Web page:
Socio-economic work within Programme 1 places the scientific work on genetics, pathology and managed ecosystems within the wider social and economic framework in which it operates. The socio-economic activities form part of the Cross-Cutting Theme (CCT) Environmental, Social and Economic Sustainability of Rural Scotland.

The following programme-wide cross-cutting socio-economic work can be identified.

Evaluation of the social and economic costs and benefits associated with targeted crop improvement and of both crop and environment management within the framework of sustainable systems

The aim is to quantify the costs and benefits (both private and public) associated with possible breeding and other management strategies. A particular feature of the work is to gain a better understanding of the actual and potential trade-offs that might occur between the various outcomes of the research programme.

For example understanding the extent of any trade-off between the yield of a particular crop and its impact on biodiversity. This highlights that the analysis undertaken for the socio-economic cross-cutting theme can be directly related to the two other CCTs, climate change and biodiversity.

Supply chain analysis

This second related, but separate, research theme seeks to develop our understanding of the supply chains for barley, potatoes and soft fruit. Through this it will be possible to develop an understanding of emerging requirements for both domestic and international markets, while recognising the different market segments.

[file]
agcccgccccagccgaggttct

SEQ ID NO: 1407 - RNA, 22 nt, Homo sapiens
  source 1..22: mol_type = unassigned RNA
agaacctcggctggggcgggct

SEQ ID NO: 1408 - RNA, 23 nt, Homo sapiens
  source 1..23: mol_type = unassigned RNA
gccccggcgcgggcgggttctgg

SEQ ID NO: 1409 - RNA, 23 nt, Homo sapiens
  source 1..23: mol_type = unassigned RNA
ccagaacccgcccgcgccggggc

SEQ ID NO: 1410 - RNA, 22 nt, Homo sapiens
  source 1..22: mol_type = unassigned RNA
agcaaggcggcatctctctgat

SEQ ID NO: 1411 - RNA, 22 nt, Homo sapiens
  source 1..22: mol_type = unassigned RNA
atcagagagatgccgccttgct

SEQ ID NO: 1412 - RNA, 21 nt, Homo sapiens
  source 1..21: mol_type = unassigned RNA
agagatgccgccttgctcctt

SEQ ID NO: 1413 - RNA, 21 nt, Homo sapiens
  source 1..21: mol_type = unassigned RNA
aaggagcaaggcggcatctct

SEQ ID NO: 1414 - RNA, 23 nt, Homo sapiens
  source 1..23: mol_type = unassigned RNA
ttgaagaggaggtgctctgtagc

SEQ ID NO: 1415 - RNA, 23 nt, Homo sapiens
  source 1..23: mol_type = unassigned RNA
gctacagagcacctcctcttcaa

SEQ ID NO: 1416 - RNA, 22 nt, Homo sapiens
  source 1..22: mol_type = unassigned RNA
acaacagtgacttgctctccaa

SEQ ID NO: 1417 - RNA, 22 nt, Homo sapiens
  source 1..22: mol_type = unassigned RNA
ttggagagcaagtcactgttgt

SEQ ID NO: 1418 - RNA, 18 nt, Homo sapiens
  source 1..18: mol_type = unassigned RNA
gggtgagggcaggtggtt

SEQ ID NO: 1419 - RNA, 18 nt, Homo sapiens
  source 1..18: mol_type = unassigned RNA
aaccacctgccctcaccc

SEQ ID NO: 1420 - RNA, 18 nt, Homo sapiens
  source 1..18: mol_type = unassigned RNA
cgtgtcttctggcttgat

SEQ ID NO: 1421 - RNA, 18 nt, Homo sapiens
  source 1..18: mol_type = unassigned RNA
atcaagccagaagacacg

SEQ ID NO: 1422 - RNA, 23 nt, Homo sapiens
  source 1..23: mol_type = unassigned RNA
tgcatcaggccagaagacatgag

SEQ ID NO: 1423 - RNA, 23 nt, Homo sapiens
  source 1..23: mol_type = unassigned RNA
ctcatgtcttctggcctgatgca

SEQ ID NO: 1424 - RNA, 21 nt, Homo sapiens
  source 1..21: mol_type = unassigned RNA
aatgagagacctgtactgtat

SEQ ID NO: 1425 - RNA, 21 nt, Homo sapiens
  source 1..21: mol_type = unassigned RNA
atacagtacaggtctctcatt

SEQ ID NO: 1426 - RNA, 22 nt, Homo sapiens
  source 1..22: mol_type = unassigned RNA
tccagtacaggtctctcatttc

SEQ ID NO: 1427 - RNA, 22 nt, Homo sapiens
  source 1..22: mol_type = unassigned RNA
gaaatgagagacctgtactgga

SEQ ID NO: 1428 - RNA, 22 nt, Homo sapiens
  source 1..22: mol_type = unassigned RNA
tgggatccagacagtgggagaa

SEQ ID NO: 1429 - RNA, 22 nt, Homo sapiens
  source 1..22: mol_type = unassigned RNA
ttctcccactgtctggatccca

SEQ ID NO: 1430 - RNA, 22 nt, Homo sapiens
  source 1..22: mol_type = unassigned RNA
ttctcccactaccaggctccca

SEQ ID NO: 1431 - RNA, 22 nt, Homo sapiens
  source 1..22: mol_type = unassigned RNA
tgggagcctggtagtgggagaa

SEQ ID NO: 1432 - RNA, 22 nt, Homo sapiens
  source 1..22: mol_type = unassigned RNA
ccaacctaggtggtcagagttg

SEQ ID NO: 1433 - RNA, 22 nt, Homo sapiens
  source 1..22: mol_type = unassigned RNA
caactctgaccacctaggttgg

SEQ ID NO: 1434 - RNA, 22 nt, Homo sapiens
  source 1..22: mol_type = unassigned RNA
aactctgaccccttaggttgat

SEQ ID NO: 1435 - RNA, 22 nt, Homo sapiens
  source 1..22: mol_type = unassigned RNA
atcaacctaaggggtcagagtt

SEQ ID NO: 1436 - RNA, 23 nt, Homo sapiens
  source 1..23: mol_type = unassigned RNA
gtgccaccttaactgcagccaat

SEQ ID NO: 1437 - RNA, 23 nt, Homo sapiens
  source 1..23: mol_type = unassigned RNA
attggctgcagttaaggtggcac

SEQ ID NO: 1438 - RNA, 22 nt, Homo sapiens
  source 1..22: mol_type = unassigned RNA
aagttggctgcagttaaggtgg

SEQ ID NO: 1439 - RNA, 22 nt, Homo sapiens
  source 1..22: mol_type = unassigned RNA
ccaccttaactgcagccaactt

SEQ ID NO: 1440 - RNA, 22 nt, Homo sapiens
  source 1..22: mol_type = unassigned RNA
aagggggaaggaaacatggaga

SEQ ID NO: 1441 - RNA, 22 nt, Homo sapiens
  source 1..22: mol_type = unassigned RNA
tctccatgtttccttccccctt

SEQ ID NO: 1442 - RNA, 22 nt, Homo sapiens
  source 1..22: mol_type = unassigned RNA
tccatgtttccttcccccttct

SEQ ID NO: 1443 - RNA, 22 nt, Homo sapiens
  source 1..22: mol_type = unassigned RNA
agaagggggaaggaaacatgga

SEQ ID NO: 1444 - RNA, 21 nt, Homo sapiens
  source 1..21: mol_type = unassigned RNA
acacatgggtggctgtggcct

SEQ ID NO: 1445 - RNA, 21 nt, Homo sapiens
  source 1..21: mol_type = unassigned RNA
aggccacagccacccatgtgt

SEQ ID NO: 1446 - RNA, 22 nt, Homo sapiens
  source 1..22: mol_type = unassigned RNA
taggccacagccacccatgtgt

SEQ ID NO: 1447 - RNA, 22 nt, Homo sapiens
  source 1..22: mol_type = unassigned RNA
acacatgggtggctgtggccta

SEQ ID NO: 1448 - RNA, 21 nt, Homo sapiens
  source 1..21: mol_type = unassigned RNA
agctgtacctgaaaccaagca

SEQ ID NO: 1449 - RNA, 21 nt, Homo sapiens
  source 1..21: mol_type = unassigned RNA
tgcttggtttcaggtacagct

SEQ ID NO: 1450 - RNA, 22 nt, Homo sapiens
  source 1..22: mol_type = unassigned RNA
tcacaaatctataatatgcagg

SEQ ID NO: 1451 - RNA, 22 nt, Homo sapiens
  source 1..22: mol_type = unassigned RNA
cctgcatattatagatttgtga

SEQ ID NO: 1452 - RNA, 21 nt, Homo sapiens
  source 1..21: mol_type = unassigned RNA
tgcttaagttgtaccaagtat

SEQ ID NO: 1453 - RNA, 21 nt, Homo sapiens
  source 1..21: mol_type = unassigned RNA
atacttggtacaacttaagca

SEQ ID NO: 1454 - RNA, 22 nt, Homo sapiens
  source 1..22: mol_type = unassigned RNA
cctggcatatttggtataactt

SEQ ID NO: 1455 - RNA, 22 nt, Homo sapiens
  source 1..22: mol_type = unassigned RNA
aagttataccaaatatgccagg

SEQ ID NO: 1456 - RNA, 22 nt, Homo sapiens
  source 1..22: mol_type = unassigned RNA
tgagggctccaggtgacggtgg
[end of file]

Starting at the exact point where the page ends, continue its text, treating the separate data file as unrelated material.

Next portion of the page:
For example in the barley market we might consider distilling, brewing, malting barley export, feed and what is required to be competitive in each. Through this analysis the implications of the business environment for the Scottish industry and varietal development will be fully identified.

We are reviewing the structure and operation of markets and their supply to help identify all market and industry features which impact on product, service and quality needs. The performance of Scottish production in relation to other international suppliers will also be identified, along with main strengths and weaknesses, opportunities and threats.

Enhancing our knowledge of both the supply chain needs and the wider public’s view will enable a better understanding of the future needs for research undertaken within Scotland’s major research providers (MRPs).


Economics associated with the resilience work is central to Work Package 1.7, Sustainable Crop Systems. This largely relates to systems that include barley but the techniques and methods developed will be applicable across all the work packages.

Relationship with other socio-economic work in RERAD Programme

Work within Programme 1 is only part of the cross-cutting socio-economic work relating to crops taking place as part of the RERAD Programme. For example significant horizon scanning work for the future of the industry is planned as part of the contribution for Work Package 3.1, Sustainable Farming Systems.

This work will consider influences such as Common Agricultural Policy reform, environmental issues including biodiversity, World Trade Organization, rural development legislation, technological improvements and climate change on Scotland’s farming systems.

This will help inform the reviews undertaken in the programme on the future direction of research in this area. Similarly, in Work Package 3.8, work on wider rural issues (migration, co-operation, demand for niche foods) can all help inform the research in Programme 1.